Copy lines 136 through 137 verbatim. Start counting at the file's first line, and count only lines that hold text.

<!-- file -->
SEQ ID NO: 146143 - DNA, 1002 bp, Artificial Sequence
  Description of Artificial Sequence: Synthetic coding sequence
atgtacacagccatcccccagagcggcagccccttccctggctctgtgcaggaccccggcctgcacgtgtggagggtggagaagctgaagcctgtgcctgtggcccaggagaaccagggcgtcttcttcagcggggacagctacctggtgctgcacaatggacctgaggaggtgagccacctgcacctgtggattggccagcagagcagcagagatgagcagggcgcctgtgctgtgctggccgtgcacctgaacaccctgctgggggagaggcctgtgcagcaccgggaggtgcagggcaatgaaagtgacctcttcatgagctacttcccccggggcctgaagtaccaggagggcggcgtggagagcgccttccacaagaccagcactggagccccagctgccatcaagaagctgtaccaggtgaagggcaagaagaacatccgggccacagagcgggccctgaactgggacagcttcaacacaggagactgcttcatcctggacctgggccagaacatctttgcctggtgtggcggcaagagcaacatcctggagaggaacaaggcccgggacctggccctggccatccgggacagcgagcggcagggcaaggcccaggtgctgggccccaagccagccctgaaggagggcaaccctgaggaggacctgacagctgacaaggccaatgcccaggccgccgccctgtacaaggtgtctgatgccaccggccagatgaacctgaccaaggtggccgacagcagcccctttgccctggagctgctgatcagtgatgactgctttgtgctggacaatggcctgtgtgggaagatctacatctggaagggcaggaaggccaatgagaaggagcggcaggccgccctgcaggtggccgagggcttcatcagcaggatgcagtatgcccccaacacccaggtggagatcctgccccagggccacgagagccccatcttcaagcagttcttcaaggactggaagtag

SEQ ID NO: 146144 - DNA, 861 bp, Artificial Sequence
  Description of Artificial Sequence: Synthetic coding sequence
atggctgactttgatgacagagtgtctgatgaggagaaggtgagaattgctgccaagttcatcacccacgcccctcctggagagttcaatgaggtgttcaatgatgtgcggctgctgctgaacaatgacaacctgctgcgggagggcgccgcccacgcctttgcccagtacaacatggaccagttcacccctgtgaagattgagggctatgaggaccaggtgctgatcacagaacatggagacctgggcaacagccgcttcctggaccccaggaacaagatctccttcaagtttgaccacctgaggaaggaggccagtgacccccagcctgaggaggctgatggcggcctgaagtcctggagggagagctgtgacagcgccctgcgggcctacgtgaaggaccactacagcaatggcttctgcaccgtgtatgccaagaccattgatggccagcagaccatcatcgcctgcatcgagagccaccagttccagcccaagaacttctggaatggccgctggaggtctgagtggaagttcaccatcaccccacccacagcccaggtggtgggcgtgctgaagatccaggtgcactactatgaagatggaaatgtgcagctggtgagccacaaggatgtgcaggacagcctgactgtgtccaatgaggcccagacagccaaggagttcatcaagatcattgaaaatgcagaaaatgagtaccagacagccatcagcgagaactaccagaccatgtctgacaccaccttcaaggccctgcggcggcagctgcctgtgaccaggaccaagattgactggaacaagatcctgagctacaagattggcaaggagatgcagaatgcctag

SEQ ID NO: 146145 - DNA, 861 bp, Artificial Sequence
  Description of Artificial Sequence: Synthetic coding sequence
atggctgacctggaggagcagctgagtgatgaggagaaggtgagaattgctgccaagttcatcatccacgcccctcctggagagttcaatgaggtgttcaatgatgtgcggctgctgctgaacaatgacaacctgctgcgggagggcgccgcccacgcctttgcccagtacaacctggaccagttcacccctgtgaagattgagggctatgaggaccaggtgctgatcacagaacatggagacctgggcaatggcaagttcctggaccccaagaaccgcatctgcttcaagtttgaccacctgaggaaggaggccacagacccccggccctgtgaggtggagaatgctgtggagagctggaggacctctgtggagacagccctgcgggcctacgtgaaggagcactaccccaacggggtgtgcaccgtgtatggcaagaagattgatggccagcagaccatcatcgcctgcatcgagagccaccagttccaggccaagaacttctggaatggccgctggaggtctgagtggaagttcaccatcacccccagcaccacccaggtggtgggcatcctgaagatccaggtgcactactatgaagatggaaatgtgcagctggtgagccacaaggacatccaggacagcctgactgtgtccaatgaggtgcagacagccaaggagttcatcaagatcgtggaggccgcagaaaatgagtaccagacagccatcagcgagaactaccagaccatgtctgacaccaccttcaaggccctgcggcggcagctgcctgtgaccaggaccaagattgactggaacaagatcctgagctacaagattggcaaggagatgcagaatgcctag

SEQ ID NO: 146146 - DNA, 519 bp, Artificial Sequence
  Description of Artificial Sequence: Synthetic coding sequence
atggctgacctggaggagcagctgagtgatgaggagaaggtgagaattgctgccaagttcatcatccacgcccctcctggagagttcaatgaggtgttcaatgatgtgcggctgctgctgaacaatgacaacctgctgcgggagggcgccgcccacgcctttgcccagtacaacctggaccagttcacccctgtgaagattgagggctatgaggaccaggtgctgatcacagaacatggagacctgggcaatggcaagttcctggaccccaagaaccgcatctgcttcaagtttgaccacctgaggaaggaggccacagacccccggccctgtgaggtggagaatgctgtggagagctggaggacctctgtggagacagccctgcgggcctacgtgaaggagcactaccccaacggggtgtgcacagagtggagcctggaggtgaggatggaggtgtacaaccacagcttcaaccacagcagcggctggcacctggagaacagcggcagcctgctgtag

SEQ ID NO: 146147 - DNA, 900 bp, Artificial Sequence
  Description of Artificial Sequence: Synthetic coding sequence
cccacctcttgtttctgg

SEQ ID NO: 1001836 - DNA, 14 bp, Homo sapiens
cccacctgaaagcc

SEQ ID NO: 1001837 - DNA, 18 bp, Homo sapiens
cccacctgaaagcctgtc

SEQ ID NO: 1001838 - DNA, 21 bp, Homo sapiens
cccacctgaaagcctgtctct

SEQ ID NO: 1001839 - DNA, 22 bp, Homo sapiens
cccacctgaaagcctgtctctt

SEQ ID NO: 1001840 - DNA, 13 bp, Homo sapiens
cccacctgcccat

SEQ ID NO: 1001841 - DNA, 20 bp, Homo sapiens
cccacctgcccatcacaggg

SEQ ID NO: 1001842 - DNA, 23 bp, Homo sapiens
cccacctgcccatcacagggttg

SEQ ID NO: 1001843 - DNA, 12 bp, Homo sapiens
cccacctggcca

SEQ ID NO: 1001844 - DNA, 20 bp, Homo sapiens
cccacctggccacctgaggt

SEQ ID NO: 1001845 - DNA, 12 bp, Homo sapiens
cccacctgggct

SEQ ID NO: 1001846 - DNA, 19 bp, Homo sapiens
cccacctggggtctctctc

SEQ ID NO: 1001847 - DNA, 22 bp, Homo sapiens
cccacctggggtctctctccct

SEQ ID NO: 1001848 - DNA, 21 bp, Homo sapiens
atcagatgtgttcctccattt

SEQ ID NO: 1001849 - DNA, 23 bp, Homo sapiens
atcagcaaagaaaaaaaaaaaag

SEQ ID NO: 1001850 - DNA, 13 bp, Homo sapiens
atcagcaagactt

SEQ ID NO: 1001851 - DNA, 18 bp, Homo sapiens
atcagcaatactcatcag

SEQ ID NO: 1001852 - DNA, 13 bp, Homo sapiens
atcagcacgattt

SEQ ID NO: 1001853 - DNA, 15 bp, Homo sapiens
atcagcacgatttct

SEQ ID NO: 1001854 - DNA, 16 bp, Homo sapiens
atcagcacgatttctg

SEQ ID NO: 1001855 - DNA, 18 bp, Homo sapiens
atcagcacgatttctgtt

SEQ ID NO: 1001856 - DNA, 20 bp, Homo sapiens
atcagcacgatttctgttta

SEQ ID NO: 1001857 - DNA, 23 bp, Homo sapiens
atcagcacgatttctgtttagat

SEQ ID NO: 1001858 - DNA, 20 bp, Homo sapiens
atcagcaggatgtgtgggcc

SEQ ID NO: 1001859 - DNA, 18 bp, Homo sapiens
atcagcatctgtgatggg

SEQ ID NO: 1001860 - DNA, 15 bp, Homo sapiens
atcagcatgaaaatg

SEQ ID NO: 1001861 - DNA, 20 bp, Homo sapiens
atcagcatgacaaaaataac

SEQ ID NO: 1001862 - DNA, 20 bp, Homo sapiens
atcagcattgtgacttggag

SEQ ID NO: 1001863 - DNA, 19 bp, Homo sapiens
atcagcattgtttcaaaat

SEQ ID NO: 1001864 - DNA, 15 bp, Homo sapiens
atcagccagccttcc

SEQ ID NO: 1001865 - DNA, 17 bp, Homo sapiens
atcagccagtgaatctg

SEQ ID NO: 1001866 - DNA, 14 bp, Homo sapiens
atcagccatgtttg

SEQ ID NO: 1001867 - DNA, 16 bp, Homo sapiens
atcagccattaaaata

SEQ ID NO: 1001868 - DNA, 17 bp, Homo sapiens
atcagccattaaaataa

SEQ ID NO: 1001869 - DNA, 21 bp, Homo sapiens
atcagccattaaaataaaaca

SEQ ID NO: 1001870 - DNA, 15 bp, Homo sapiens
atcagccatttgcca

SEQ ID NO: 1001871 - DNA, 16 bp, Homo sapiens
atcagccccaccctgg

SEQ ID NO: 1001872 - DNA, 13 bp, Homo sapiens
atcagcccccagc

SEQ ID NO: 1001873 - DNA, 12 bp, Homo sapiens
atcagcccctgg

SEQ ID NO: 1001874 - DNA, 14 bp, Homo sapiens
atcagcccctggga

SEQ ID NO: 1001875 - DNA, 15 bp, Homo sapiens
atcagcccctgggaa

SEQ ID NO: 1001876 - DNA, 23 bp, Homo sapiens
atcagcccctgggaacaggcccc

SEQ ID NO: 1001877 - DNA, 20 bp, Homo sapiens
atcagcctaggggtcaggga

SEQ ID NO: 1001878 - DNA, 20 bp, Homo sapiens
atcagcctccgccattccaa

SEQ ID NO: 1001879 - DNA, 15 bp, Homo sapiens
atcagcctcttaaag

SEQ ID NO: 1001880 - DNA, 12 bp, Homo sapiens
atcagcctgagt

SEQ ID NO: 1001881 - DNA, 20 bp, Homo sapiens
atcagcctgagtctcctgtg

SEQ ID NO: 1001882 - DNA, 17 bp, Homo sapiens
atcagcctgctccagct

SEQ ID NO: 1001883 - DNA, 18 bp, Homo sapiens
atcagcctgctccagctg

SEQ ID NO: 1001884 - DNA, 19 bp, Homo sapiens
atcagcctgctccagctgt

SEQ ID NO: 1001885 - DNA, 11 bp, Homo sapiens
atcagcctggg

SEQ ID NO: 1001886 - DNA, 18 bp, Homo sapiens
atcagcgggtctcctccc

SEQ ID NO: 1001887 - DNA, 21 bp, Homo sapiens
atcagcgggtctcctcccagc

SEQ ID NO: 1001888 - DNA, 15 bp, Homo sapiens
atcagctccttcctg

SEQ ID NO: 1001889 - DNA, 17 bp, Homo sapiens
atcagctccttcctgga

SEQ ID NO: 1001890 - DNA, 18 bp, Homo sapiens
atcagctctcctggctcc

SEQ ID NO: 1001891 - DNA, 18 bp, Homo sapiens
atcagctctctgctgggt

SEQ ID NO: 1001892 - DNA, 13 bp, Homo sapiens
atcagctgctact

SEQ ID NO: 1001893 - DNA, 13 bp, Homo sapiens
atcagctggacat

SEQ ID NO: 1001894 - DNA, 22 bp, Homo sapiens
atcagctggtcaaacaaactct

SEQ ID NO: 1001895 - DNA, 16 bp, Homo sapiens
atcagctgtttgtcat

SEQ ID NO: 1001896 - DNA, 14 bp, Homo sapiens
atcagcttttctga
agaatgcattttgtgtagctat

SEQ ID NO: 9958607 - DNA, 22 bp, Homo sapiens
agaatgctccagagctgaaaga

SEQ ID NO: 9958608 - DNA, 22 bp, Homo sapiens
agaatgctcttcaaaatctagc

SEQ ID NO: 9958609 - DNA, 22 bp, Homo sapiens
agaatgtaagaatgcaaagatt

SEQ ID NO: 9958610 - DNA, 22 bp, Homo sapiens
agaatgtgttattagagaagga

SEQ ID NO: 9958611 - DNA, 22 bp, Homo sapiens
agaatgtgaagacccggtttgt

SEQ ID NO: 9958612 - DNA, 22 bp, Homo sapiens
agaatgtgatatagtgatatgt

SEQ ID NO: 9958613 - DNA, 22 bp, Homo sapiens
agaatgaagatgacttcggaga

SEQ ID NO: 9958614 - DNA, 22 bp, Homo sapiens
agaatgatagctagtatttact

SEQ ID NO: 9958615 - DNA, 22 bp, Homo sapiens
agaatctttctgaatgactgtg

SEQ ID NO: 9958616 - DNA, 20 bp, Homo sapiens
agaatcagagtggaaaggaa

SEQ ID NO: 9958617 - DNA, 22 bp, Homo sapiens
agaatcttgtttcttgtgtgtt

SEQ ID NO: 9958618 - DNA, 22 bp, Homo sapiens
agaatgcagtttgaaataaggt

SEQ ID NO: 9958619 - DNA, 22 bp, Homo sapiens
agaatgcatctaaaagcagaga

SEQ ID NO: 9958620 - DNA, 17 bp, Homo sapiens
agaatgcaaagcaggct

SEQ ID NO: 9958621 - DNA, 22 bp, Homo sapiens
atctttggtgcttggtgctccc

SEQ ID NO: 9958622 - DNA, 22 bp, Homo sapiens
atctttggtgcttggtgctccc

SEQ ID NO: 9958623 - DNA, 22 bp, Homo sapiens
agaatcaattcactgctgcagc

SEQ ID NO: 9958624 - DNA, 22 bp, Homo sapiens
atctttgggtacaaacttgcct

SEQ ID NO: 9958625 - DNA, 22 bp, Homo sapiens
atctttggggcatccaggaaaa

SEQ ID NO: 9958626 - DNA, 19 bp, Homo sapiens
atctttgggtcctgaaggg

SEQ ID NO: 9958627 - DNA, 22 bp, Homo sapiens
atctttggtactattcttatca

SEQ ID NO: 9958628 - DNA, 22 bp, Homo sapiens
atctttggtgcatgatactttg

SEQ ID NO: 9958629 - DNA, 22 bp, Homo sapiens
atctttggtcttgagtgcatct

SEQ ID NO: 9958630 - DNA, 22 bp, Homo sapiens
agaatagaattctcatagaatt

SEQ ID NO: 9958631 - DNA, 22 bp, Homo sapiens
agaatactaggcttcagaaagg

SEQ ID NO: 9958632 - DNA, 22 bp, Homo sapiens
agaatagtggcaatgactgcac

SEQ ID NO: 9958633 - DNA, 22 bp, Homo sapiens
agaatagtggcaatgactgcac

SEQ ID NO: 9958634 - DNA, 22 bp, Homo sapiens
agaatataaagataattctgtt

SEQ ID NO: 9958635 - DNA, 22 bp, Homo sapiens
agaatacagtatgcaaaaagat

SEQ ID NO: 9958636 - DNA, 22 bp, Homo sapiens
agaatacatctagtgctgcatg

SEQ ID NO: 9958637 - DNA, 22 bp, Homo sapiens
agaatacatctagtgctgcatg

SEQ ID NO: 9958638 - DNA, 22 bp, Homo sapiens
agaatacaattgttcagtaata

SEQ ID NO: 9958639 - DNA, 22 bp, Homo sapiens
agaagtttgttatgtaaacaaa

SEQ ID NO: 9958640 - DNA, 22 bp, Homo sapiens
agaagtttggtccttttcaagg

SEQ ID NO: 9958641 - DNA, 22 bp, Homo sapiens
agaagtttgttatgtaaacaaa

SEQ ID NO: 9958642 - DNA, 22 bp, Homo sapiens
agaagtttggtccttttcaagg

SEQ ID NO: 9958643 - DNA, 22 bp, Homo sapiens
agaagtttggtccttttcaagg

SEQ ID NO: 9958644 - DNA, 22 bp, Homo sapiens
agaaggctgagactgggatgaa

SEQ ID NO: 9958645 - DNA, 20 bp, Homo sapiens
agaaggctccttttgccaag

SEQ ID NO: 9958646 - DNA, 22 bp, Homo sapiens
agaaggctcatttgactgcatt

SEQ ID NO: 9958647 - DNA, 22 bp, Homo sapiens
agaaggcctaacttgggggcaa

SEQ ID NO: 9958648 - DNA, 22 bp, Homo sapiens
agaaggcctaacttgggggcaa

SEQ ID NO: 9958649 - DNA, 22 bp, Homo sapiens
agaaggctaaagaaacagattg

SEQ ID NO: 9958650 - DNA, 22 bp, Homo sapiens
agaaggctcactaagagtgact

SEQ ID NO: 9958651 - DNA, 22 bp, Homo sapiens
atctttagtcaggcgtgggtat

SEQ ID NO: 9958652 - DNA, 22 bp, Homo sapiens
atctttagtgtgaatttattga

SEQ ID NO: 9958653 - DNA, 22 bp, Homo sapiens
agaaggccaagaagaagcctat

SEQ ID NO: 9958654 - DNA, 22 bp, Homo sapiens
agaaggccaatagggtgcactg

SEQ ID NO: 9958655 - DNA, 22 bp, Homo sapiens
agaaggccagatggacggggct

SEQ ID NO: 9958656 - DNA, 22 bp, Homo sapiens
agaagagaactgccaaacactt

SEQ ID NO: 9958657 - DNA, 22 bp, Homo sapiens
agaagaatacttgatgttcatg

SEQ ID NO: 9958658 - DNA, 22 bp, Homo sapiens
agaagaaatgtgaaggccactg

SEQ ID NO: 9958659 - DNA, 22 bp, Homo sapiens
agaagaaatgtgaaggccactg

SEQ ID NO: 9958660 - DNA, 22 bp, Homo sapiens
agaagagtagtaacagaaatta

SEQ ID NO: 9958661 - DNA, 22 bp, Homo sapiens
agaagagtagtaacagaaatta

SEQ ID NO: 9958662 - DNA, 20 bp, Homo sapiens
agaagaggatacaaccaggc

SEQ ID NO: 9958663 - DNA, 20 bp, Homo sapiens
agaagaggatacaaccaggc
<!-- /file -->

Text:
SEQ ID NO: 1001896 - DNA, 14 bp, Homo sapiens
atcagcttttctga